We all know that retail has been hit hard by the pandemic. When retail employees paid on a commission basis do go back to work, fewer of them will qualify for overtime, thanks to a Department of Labor (DOL) rule promulgated on Monday, May 18, 2020. While this sounds like a bad deal for employees, there’s a silver lining: the DOL issued another rule just today that will make compensating employees for staggered shifts and fluctuating workweeks easier—practices that are likely going to be critical components of a safe COVID-19 return-to-work plan in retail.

Monday’s final rule withdraws 60-year-old interpretive rules that limited employers’ ability to invoke Section 7(i) of the FLSA, which exempts certain commission-based employees in “retail or service establishments” from overtime eligibility. To qualify for the exemption, a business needs to show: (i) it is a retail or service establishment, as defined by the regulations; (ii) the employee’s regular rate of pay exceeds one and one-half times the applicable minimum wage for every hour worked in a workweek in which overtime hours are worked; and (iii) more than half the employee’s total earnings in a representative period must consist of commissions.


Continue Reading DOL Adopts Two Significant Changes to “Modernize” Overtime

On April 1, 2020, the Department of Labor (“DOL”) posted a temporary rule issuing regulations for implementing the Families First Coronavirus Response Act (“FFCRA”), which became effective the same day. We reported on the DOL’s other recent efforts to flesh out the new law through its FAQ section, which included some much needed guidance

The Families First Coronavirus Response Act (“FFCRA”) is effective today, April 1. In honor of this undoubtedly daunting occasion for employers with less than 500 employees, we analyze the most significant provisions from the Department of Labor’s updated FAQs, which fill in gaping holes in the legislation that left employers (and counsel) puzzled.  For employers with fewer than 50 employees, we also examine recent DOL guidance on the “small business exemption” and identify the ways in which employers can qualify for this exemption.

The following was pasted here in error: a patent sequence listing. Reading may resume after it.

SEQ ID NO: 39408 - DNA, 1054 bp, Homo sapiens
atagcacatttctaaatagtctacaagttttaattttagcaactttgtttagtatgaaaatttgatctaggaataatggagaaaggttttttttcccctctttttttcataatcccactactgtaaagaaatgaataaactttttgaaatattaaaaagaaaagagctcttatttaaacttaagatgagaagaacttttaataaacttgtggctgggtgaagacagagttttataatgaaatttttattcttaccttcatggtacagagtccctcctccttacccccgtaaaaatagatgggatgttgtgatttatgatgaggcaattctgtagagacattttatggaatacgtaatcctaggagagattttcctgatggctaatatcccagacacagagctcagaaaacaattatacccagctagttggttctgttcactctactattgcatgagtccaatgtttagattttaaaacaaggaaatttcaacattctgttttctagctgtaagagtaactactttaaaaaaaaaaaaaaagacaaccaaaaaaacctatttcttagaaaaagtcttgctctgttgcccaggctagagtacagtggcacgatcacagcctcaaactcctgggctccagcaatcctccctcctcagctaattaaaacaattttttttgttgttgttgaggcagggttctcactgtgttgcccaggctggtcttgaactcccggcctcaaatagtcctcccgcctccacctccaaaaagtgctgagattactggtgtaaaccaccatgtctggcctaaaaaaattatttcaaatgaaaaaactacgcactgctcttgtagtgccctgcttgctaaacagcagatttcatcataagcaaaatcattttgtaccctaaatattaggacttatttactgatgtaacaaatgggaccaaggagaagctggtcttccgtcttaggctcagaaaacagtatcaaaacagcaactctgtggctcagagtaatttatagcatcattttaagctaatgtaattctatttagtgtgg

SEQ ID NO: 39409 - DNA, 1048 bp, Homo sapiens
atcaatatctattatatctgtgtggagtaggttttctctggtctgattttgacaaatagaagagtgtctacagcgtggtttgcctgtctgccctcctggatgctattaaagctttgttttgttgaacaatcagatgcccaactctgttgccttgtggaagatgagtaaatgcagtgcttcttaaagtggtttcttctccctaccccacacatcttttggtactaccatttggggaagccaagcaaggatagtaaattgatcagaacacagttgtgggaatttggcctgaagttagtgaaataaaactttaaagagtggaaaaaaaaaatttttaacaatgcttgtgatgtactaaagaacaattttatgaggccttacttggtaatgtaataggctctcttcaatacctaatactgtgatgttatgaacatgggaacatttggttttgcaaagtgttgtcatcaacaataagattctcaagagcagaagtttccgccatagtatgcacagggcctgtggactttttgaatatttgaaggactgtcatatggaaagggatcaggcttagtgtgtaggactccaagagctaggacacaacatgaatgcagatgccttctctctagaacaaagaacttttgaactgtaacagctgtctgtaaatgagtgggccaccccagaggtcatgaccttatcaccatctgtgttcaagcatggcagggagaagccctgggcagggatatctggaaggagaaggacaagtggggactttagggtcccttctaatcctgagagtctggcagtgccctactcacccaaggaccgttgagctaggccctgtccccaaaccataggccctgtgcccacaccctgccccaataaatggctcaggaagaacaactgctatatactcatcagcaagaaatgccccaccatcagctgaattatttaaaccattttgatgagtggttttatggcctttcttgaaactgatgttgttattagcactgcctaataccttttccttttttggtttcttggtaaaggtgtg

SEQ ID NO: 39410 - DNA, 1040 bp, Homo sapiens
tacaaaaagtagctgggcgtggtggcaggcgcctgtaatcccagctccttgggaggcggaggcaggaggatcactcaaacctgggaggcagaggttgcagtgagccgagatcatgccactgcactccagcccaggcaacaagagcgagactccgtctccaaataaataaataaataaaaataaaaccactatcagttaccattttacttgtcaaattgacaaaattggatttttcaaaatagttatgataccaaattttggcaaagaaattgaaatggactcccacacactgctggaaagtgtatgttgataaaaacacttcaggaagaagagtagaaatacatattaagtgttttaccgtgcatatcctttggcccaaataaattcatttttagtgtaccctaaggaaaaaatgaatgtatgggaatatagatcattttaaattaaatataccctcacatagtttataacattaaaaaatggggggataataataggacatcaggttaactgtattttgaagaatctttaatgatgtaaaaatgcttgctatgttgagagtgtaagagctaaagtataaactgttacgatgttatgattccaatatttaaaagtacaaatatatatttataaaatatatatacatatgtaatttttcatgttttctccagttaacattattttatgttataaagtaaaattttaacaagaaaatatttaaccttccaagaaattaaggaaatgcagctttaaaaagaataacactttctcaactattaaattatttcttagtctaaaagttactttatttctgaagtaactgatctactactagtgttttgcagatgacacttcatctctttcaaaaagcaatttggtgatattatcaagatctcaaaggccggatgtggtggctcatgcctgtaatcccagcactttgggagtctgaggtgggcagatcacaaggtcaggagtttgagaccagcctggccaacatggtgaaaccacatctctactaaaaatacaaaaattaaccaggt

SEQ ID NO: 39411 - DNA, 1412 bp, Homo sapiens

Continue Reading Updated DOL Guidance – What Employers Need To Know On The First Day Of The FFCRA

Ah, summer: less-demanding schedules, lighter workloads, and a more relaxed work wardrobe. In keeping with the professional reputation of lawyers as killjoys, however, we recommend that HR professionals act more like Aesop’s ants—using the summer to prepare for fall—than the grasshopper, who was so busy partying that he failed to prepare at all. So listen, Grasshopper: savvy HR leaders know to use their summer downtime to set themselves up for success when we all go “back to school.”

Here are seven suggestions of what New York HR professionals can get ahead of over the summer:

1. Coordinate Sexual Harassment Prevention Training – Under New York State law, all employers must provide annual sexual harassment prevention training that satisfies the State’s training requirements by October 9, 2019 (NYC has its own requirements, as we describe here). An employer can satisfy these requirements by either adopting the State’s model training documents or by providing live or interactive online/video training which meets or exceeds the State’s minimum standards. With a mid-fall deadline quickly approaching, summer is the perfect time to think about, and possibly complete, your workforce’s first annual training.


Continue Reading Seven Ways Savvy HR Leaders in New York Are Spending Their Summers